While some communications belonging to German Chancellor Angela Merkel were found among the documents, a government spokesperson told The Guardian that no sensitive information linked to Merkel had been leaked. So far, it's unclear who was behind the incident. Victims appear to include politicians belonging to every major German party except for the far-right Alternative for Germany party.
Security researchers have noted that the information included in the leak was not only large-scale and detailed, but also extensively spread out across a number of sites and mirror links. "Way too much effort went into ensuring that this data would be really hard to take down," tweeted one researcher.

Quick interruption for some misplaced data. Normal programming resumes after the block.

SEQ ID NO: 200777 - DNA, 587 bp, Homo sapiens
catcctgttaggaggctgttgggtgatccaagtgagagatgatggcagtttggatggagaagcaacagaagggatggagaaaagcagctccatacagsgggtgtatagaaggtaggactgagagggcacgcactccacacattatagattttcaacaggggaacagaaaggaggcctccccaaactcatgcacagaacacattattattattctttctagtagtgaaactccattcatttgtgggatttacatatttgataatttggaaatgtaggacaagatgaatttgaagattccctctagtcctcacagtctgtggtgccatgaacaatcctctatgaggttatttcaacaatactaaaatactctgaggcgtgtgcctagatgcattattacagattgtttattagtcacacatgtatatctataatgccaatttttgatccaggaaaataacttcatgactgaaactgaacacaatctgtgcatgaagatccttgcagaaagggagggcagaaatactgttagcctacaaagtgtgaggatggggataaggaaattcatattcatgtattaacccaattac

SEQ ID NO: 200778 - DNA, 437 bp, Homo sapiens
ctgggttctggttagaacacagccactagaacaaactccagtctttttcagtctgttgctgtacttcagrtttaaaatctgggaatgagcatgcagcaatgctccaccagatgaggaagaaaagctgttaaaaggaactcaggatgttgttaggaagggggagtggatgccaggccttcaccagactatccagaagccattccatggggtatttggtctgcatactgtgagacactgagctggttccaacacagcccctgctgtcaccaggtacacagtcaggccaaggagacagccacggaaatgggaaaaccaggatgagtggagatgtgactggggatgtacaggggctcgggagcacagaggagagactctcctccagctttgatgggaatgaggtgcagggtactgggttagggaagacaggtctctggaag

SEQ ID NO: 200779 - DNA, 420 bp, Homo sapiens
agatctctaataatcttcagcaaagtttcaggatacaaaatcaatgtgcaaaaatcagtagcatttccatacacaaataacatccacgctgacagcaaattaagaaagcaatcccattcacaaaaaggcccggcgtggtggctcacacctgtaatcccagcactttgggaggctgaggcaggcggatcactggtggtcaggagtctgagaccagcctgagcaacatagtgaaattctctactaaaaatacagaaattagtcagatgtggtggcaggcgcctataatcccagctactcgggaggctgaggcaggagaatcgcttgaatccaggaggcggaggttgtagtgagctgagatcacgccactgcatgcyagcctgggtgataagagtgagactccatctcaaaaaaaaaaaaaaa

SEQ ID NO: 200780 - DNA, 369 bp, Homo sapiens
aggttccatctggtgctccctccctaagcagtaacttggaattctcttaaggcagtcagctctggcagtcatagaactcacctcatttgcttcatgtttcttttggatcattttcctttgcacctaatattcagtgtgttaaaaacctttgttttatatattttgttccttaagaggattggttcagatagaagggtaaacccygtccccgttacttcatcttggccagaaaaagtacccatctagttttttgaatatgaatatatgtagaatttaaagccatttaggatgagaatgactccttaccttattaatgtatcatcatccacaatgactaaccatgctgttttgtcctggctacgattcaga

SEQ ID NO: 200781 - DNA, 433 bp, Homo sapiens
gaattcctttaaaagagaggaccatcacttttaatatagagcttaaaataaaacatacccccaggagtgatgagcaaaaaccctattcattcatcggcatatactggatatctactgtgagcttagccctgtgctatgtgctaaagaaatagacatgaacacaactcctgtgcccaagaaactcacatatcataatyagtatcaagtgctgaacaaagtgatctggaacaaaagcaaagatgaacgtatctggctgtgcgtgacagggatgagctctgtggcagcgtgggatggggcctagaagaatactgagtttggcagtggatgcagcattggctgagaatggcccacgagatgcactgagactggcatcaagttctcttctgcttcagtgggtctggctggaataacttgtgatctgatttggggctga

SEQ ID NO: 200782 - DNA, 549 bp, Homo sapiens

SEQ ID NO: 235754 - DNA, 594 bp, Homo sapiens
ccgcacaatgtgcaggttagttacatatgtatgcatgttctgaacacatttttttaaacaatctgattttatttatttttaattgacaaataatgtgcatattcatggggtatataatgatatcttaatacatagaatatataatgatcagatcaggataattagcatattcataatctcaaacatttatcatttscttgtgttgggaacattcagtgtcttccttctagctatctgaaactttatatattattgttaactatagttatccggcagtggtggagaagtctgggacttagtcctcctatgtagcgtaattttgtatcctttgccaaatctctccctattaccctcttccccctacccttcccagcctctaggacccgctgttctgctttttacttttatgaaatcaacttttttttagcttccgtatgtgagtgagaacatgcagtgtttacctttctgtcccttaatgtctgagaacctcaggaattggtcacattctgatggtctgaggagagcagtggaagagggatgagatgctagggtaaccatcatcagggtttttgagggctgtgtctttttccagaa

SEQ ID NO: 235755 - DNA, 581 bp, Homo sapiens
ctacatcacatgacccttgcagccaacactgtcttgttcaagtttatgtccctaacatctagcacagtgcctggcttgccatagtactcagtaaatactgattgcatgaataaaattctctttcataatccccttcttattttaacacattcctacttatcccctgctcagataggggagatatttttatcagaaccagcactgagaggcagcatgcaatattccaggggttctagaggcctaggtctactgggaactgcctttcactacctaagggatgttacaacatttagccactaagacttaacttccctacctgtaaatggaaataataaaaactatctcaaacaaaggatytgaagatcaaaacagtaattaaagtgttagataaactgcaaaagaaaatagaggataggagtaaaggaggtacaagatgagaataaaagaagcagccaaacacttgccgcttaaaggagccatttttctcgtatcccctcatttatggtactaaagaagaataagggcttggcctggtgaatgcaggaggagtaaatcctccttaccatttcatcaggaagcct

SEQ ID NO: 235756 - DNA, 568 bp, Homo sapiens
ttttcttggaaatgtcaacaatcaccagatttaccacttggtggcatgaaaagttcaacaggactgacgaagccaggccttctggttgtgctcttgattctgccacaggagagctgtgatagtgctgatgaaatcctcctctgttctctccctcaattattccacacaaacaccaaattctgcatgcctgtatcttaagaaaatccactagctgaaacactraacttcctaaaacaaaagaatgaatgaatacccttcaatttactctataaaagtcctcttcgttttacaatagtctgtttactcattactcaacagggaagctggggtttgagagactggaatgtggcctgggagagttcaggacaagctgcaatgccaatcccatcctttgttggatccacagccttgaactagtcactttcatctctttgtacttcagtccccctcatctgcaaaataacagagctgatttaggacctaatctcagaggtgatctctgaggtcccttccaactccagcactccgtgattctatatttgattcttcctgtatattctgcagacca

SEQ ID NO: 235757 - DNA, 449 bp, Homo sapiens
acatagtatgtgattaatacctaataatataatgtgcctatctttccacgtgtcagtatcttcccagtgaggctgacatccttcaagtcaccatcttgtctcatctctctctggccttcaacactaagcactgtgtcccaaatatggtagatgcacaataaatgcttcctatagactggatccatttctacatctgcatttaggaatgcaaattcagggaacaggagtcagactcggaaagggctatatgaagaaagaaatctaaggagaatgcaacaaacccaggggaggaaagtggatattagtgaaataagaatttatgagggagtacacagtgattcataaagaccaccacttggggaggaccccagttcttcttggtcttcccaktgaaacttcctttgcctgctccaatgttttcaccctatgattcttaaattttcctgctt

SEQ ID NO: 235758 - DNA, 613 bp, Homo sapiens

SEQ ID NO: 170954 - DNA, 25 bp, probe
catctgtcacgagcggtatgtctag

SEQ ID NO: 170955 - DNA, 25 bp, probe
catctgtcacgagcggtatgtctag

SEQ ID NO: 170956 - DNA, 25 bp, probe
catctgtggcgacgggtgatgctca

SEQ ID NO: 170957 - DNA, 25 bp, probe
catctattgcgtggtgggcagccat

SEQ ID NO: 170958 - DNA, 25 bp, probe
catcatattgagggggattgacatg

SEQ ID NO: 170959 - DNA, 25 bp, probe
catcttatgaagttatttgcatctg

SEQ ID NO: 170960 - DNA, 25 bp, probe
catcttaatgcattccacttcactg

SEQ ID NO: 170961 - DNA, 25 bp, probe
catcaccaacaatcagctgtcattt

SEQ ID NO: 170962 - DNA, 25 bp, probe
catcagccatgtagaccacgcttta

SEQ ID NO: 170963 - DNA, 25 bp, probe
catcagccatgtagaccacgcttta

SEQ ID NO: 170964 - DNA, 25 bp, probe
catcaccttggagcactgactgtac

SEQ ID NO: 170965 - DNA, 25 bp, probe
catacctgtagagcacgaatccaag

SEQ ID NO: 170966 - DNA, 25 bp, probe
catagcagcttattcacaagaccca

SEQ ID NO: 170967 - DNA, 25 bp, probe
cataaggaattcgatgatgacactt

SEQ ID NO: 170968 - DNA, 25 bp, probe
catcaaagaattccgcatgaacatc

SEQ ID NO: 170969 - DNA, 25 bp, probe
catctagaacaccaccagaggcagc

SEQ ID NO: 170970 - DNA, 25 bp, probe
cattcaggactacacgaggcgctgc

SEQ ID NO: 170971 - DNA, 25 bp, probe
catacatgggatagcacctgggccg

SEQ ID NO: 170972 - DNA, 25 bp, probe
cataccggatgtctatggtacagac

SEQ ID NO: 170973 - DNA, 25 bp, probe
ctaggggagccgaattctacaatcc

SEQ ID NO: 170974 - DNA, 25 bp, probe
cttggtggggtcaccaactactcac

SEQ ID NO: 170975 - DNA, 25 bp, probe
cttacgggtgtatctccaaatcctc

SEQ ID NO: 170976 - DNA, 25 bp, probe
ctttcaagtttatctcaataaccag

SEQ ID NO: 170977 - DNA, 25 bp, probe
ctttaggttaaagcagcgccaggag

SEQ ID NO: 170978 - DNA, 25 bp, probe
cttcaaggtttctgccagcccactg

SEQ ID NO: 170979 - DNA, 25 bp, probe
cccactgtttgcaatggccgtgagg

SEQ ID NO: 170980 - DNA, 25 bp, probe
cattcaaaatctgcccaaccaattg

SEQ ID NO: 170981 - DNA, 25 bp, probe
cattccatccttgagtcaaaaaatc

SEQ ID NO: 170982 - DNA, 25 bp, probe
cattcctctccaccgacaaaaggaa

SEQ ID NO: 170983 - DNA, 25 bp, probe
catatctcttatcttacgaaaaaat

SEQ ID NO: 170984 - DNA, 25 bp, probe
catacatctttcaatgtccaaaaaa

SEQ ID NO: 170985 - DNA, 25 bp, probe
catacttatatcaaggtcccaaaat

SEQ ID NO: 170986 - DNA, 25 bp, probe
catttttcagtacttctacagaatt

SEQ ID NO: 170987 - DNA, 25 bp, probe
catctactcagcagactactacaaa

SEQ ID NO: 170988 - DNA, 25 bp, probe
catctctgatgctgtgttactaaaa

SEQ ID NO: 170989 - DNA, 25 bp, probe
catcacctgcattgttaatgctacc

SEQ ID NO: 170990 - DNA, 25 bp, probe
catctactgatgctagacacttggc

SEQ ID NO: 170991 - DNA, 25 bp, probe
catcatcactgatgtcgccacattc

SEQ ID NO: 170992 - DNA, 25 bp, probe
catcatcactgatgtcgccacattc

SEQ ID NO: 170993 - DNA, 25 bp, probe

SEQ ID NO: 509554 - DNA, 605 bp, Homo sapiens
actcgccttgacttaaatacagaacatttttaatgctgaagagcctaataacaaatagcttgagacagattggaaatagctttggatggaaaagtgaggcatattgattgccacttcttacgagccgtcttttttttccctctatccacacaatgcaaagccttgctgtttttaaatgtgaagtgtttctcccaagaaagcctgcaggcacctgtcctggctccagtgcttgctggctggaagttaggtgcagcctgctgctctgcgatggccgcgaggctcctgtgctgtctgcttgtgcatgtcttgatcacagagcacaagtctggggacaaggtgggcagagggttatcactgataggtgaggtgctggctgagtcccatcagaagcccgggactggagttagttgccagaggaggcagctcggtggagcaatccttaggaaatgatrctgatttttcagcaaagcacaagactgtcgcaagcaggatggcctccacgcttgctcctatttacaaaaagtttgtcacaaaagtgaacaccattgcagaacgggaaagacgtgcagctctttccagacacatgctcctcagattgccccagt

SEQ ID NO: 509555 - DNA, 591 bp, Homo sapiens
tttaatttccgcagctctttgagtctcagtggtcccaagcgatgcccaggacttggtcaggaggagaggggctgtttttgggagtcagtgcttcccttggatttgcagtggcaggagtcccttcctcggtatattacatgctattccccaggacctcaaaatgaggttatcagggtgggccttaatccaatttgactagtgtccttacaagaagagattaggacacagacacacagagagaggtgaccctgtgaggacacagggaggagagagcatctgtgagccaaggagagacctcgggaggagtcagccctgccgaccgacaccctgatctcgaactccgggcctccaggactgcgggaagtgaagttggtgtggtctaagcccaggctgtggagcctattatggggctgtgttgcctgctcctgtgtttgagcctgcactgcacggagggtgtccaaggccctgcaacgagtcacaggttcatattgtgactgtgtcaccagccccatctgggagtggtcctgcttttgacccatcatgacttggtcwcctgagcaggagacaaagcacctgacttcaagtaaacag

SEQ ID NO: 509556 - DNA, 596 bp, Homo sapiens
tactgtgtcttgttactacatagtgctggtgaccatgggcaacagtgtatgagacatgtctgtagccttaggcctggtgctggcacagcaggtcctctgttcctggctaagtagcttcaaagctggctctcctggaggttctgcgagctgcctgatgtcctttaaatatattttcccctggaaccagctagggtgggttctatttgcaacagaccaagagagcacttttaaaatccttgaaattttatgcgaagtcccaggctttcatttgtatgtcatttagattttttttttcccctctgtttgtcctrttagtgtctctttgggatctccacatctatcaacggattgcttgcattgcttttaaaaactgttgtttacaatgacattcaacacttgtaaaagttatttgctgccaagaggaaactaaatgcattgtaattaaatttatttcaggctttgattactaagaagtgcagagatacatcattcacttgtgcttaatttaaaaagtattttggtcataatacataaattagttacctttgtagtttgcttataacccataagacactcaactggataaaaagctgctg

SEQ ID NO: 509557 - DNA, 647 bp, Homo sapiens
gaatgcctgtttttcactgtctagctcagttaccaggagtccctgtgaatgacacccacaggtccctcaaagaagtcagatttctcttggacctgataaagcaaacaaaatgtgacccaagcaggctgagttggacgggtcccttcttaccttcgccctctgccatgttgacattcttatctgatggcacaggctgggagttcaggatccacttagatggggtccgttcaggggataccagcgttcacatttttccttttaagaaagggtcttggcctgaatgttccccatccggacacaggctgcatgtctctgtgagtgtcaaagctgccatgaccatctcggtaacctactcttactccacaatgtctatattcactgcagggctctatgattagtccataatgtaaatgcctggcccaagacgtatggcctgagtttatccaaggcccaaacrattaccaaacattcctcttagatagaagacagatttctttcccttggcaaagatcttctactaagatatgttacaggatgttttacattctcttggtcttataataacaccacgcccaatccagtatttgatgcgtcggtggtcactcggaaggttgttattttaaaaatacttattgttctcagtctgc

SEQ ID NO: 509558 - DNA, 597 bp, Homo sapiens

It's also unknown just how those behind the leak obtained the information, but Germany's Federal Office for Information Security released a statement saying there's no evidence yet of a successful cyberattack on government networks. "After an initial analysis much evidence points towards the data being obtained through the improper use of login details to cloud services, email accounts or social networks," the interior minister, Horst Seehofer, said in a statement, according to The Guardian. "Currently nothing points towards the system of the parliament or government having been compromised."
A Twitter spokesperson told Gizmodo that the company took action against the @_0rbit account after it was brought to Twitter's attention. "Posting a person's private information without their express permission is a direct violation of the Twitter rules," they said. "We also recently updated our rules to prohibit the distribution of any hacked material that contains private information, trade secrets or could put people in harm's way."